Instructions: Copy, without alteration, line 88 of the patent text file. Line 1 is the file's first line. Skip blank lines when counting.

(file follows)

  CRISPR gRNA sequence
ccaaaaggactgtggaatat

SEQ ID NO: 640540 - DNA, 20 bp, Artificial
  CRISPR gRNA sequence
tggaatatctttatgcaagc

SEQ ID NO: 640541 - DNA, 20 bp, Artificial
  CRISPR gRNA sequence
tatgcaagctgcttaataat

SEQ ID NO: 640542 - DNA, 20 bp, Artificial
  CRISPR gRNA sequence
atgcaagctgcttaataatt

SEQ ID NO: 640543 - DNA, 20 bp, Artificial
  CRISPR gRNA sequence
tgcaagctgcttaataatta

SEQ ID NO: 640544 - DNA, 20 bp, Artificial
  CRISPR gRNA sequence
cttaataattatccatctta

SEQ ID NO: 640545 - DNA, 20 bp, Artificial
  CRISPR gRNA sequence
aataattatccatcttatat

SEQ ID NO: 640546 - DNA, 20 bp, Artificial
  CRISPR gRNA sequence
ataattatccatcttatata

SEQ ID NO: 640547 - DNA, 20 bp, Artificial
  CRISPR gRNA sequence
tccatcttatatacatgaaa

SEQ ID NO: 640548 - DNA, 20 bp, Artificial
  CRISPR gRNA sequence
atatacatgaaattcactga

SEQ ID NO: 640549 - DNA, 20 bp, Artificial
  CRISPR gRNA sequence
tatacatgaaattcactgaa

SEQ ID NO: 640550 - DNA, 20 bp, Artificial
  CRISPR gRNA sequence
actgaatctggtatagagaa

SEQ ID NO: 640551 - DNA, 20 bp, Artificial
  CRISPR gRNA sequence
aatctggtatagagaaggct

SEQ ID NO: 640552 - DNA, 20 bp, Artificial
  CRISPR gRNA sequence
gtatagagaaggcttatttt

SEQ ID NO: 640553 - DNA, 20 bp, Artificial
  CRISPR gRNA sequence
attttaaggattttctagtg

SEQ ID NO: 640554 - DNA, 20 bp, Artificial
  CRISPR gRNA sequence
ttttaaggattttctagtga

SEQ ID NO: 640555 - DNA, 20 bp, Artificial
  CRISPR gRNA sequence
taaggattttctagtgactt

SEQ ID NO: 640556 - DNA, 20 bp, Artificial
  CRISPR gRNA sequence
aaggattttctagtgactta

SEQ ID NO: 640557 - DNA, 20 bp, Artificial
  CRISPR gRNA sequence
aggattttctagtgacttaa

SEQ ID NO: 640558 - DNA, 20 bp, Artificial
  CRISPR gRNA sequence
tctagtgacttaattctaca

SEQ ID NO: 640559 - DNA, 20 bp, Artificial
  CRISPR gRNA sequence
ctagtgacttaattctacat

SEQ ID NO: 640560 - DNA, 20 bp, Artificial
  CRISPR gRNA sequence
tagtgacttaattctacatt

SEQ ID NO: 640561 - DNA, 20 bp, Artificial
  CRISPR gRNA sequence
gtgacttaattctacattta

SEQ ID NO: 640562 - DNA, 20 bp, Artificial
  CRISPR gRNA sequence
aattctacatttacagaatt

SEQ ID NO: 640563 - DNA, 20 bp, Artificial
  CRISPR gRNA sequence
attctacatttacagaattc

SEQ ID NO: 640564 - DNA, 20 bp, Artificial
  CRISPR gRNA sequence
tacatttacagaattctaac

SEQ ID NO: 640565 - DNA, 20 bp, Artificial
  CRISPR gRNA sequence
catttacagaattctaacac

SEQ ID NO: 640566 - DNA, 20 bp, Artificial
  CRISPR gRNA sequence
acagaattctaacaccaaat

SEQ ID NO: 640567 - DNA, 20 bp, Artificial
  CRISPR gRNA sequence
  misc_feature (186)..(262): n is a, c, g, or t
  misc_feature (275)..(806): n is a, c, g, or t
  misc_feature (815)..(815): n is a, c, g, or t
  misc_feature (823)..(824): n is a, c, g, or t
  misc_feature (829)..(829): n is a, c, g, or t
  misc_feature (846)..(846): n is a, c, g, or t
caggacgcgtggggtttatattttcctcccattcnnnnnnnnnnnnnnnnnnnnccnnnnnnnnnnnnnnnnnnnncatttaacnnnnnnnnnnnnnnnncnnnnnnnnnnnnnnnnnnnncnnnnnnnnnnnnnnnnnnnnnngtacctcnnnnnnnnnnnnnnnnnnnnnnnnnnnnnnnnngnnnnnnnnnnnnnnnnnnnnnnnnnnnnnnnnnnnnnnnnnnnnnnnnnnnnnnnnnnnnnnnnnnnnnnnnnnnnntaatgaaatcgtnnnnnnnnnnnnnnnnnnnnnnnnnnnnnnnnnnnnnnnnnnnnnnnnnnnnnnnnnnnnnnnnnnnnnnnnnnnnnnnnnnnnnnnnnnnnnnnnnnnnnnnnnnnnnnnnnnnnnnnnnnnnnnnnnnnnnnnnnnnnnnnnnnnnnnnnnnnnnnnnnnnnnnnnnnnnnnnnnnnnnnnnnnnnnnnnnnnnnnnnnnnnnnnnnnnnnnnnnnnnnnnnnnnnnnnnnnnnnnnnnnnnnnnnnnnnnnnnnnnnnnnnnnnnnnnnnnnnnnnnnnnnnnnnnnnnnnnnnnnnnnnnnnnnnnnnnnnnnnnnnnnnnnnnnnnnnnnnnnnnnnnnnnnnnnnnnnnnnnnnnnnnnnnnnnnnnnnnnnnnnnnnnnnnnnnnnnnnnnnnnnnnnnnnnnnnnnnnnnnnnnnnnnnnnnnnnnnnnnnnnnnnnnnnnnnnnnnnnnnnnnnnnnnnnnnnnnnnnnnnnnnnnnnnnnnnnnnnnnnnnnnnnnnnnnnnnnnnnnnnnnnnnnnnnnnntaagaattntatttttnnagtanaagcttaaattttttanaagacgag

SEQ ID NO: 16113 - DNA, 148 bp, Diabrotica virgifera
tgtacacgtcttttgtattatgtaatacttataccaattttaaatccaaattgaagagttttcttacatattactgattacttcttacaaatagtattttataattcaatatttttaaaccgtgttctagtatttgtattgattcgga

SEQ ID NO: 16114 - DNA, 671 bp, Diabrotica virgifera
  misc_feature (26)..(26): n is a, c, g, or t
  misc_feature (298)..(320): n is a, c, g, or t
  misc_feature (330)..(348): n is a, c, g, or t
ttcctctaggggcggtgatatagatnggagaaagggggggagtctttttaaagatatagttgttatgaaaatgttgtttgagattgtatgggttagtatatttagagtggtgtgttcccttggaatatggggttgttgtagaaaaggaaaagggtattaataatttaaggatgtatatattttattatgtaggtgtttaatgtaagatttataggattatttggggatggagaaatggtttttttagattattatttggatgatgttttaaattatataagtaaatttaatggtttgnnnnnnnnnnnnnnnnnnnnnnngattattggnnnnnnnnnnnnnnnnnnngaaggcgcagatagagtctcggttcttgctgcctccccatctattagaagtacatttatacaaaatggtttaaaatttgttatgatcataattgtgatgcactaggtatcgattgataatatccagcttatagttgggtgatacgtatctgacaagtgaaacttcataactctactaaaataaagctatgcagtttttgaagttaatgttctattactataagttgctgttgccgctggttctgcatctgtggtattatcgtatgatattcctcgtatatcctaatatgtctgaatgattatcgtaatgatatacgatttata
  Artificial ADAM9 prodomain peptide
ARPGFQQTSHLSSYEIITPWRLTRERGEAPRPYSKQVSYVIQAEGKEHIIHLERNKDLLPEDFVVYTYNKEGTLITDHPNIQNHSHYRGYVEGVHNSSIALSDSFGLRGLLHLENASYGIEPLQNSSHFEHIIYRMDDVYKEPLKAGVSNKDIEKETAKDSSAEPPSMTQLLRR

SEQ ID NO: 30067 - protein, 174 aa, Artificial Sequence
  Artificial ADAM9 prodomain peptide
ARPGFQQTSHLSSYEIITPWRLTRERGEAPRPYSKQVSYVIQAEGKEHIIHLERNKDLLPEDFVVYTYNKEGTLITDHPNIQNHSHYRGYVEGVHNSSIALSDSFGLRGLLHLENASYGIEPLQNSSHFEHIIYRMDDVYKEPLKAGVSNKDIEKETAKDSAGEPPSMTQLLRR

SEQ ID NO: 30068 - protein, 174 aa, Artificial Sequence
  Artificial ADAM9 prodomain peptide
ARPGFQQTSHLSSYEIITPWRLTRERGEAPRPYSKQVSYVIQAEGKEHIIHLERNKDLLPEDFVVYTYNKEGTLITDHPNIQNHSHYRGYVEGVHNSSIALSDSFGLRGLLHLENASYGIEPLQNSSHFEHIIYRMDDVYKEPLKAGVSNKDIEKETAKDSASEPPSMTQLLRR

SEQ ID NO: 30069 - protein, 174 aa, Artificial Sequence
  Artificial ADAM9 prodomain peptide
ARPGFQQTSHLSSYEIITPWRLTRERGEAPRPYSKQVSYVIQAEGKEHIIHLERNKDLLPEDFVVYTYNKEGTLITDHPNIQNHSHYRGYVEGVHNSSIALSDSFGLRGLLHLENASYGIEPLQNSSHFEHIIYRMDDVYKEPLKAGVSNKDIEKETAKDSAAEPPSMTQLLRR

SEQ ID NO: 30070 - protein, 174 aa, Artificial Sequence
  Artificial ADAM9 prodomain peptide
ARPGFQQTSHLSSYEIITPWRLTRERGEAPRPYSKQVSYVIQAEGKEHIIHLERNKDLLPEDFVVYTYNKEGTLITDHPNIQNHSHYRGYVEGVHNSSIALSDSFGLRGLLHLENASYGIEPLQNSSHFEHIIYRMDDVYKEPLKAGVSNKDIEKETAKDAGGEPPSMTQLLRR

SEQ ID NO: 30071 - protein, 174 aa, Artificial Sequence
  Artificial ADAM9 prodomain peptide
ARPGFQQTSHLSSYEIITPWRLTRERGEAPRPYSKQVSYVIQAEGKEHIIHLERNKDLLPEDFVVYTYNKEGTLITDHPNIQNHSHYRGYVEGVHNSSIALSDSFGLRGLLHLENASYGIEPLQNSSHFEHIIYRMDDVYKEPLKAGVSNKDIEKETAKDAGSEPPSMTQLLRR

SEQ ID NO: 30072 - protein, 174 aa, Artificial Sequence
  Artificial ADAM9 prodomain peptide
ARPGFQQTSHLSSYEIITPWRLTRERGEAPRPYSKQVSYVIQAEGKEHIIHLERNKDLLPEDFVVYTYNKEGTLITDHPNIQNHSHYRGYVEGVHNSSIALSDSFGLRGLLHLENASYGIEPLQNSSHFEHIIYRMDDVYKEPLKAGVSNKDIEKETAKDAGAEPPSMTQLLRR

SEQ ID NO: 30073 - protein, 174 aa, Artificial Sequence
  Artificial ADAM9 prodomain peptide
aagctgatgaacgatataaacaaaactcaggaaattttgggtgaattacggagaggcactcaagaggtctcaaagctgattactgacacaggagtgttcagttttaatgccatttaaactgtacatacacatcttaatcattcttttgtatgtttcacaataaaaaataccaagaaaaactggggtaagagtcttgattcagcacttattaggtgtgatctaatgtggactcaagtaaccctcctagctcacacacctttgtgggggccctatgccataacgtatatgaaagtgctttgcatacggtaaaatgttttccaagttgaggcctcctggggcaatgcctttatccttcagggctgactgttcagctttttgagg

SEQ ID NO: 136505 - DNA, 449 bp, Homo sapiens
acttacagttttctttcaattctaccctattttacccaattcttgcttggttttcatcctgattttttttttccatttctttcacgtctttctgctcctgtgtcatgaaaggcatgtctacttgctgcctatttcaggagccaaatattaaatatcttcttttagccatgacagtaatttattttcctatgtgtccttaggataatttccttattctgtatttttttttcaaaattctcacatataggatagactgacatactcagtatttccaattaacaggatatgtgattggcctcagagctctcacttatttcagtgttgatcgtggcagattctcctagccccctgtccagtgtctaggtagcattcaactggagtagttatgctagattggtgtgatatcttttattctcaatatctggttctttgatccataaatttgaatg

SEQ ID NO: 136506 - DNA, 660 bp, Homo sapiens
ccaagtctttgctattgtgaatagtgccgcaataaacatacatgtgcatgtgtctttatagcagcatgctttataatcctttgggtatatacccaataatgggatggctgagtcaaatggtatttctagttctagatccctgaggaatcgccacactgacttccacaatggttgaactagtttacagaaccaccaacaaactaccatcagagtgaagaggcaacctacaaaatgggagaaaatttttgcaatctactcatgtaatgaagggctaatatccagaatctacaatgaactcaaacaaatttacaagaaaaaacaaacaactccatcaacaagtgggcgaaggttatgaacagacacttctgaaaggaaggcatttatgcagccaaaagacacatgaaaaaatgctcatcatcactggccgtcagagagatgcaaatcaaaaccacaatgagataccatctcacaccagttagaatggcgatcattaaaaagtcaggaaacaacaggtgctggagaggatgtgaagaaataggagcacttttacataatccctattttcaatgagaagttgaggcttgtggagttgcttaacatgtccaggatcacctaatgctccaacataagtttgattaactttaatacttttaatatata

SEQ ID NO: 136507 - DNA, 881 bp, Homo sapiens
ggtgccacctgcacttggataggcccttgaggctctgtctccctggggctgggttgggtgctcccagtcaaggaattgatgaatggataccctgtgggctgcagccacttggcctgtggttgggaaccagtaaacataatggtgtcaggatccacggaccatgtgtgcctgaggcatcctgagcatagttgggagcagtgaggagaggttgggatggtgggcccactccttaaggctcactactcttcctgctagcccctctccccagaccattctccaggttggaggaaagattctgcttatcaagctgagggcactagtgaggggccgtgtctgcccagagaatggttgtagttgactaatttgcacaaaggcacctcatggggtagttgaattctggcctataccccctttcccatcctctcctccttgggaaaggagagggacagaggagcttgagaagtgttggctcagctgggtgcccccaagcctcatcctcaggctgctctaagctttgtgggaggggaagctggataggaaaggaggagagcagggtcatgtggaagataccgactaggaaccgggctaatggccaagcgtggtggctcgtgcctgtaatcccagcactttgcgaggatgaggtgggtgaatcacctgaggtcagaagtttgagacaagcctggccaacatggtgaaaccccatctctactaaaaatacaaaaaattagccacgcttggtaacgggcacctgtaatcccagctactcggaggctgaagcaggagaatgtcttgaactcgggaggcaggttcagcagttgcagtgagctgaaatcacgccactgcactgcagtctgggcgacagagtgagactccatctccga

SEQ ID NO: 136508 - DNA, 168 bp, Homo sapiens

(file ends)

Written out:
  misc_feature (815)..(815): n is a, c, g, or t